Brian Jones and Mick Jagger, New York, 1966
“When the Rolling Stones had been trying to get publicity for themselves, once they had been touring over here, they sent City & Country an invitation which I opened and put in my drawer and thought, ‘Well, I am going to go to that one!’ Someone got here as much as me and said ‘Nicely, we simply don’t have room for all the photographers and all of the journalists so that you will be the photographer.’ I believed ‘Oh my God, I am not really a photographer, does she know ‘ But I bluffed my means, I mean I did not bluff it, I figured it’s her choice. So, I obtained on the boat and had numerous movie with me and really enjoyed taking photos. I believe my solely fear was that the photographs wouldn’t prove, in fact….I used to be a bit shy and introverted, however trying out by means of the lens I noticed, and i forgot myself and that i might truly see life. This enthusiasm got here out of me, and it did, photography changed my life in that method, so it wasn’t just the Rolling Stones, it was the entire thing.”–Linda McCartney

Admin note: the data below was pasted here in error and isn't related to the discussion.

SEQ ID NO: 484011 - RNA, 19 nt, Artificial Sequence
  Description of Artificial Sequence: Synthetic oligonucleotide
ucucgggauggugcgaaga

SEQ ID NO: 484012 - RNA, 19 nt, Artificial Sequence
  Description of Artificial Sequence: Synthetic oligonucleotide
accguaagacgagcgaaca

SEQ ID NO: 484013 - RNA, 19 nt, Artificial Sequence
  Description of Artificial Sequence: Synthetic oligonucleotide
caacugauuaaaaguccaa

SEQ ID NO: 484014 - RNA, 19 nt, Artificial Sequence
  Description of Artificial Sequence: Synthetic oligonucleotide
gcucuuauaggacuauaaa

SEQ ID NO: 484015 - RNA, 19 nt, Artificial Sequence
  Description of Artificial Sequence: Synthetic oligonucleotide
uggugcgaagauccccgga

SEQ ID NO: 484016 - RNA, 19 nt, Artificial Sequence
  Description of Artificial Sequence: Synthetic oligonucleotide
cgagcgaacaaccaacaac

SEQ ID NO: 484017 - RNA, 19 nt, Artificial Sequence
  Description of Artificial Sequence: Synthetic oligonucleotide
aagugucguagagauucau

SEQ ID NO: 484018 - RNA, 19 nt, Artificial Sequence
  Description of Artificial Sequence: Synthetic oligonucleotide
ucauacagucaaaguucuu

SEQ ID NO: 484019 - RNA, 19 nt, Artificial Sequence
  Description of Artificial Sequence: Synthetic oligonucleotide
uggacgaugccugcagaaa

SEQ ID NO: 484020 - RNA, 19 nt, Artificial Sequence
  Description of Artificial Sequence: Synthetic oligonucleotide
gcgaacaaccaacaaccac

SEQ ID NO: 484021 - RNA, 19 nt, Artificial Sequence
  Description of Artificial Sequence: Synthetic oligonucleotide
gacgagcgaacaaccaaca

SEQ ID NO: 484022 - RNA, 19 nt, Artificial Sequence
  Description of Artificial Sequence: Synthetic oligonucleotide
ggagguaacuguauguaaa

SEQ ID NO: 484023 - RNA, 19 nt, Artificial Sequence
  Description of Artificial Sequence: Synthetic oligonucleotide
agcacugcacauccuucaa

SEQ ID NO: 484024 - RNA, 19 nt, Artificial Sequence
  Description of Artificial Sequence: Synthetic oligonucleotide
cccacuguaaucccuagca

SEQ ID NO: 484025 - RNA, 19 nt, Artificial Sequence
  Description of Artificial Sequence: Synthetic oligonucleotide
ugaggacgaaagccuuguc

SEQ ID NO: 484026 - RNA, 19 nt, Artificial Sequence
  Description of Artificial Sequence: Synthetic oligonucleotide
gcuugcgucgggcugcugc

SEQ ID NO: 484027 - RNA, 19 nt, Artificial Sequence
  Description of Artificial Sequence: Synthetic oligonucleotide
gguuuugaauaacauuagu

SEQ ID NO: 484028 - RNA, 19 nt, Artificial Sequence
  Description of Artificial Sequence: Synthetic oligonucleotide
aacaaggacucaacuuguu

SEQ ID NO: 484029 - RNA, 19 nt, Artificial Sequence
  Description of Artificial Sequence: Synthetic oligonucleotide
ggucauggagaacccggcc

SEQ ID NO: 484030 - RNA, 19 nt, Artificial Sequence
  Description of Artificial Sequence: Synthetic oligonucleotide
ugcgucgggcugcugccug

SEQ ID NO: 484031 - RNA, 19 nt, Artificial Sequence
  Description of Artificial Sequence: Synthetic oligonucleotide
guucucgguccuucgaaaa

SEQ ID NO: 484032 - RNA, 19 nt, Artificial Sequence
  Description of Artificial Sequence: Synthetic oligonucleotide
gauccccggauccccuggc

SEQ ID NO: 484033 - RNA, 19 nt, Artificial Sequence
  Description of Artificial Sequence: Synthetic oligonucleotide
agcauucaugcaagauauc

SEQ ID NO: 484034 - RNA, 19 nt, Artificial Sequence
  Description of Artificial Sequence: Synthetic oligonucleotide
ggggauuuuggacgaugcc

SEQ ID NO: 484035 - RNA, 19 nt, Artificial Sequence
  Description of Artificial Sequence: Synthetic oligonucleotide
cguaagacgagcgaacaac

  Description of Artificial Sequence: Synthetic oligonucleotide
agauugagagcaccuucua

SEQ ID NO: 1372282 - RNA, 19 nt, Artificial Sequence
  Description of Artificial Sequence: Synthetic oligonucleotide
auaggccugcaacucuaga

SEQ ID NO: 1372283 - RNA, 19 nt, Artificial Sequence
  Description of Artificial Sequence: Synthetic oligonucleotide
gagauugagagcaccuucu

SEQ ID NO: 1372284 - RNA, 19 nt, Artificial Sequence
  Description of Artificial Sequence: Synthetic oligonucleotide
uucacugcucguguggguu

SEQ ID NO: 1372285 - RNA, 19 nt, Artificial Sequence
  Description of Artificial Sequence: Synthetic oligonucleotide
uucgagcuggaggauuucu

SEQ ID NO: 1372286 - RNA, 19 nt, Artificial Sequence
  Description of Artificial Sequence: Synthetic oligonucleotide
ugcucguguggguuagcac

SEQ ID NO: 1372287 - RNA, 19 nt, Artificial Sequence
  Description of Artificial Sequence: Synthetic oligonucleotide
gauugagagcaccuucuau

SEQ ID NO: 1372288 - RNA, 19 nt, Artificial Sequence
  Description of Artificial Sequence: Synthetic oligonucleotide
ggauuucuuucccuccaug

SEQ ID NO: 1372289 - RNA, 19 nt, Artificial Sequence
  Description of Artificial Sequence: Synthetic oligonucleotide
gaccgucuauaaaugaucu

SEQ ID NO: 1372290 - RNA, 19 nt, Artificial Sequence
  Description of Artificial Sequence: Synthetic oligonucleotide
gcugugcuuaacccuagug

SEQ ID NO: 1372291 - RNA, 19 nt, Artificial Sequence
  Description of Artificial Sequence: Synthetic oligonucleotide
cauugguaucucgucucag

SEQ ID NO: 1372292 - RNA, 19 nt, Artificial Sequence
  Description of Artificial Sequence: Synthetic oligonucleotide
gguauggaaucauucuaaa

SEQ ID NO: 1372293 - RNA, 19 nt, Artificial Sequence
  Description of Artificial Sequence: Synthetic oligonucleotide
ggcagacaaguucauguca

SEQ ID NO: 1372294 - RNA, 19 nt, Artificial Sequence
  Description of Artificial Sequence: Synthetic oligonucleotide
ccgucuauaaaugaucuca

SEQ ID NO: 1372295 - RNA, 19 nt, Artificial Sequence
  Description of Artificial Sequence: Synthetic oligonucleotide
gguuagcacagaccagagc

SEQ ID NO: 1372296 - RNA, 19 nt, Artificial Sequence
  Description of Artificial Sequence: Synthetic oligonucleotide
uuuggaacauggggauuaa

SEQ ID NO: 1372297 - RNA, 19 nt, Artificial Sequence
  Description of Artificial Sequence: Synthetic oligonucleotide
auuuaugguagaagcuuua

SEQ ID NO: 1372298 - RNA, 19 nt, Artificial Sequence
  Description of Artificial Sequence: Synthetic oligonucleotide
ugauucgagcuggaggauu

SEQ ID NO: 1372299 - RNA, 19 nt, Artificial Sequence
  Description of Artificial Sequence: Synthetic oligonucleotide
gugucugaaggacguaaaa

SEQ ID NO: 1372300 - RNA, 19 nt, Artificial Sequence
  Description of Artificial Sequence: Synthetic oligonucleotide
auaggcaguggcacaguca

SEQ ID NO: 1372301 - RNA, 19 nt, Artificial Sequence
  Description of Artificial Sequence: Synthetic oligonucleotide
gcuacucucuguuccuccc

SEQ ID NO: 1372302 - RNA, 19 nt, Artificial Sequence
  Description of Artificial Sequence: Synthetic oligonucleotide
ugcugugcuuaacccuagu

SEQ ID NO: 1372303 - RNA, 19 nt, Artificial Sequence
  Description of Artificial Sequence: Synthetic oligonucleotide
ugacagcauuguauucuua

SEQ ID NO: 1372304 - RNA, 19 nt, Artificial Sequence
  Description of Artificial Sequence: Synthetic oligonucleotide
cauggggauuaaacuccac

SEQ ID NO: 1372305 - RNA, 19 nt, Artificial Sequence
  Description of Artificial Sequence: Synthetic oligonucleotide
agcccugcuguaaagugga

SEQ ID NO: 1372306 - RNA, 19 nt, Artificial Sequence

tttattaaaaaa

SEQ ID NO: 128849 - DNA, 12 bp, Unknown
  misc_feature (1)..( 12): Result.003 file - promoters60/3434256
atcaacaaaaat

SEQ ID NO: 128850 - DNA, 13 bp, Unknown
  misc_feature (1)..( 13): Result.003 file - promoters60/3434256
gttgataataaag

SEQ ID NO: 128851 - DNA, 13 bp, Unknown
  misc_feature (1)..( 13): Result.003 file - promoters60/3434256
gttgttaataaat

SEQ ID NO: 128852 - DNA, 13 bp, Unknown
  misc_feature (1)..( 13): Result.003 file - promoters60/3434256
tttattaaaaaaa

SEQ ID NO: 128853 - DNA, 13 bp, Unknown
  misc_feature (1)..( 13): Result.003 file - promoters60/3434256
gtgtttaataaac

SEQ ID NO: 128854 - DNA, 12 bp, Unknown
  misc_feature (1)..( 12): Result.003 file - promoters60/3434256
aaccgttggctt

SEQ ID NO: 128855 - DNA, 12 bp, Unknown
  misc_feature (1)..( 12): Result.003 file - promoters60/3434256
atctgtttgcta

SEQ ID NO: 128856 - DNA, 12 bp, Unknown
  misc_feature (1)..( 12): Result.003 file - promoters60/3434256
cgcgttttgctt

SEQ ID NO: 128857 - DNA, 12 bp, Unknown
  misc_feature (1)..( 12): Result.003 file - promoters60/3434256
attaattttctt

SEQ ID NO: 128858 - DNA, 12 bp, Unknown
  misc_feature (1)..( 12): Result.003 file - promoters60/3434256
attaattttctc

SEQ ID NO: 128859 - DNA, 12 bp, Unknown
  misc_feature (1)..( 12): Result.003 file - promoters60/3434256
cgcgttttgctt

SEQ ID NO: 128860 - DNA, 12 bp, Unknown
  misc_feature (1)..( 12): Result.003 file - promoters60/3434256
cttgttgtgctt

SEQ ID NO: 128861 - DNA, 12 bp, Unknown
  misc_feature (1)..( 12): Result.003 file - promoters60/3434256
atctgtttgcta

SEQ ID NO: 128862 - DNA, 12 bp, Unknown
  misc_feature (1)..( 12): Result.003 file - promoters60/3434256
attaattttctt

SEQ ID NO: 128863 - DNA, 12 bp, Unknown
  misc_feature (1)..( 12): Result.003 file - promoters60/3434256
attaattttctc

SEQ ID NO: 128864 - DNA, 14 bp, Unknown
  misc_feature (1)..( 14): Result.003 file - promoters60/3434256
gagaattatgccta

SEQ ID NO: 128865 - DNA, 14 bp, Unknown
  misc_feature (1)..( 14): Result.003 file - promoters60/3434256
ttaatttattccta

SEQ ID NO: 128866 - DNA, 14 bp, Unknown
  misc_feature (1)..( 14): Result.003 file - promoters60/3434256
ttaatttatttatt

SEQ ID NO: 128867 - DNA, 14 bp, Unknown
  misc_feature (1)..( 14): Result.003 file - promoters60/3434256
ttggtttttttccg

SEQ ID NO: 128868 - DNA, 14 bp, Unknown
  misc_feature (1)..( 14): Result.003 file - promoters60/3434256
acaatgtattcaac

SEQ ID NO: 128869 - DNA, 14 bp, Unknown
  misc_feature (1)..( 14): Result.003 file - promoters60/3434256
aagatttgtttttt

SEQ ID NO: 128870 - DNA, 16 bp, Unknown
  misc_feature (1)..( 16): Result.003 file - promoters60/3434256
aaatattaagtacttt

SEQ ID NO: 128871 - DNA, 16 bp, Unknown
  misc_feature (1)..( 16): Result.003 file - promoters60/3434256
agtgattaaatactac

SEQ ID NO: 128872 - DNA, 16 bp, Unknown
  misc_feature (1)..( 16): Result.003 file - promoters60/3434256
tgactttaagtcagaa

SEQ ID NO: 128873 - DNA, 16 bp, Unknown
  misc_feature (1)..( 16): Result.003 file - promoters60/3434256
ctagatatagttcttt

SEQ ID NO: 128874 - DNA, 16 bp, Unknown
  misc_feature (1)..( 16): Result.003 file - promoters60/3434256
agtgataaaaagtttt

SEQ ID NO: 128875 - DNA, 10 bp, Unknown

Jim Morrison, Robby Krieger and Ray Manzarek, New York Metropolis, 1967
“I had no concept I used to be photographing future icons, but, I beloved [Jim Morrison’s] music, I cherished him as an individual, I liked all the Doors really–Ray and Robbie and John, in actual fact The Doorways had been by no means widespread actually till after Jim’s demise. I mean, you look at the film on The Doorways, it was nothing like that, you realize they’d massive crowds and ‘Jim, Jim…’ None of that. I imply they could barely get arrested, the truth is he did get arrested, poor man.” — Linda McCartney
Mirror, Self Portrait, 1992
“Linda’s one-ness along with her pictures was most evident at the end of her life, when she will need to have suspected that she was going to depart the world. The pictures she made then are simple, pure. She was utilizing images to strive to carry on to existence. As all of us do. Images provides us the assurance that we is not going to be forgotten.
Pictures didn’t fail Linda. Her photos are proof of a life properly lived.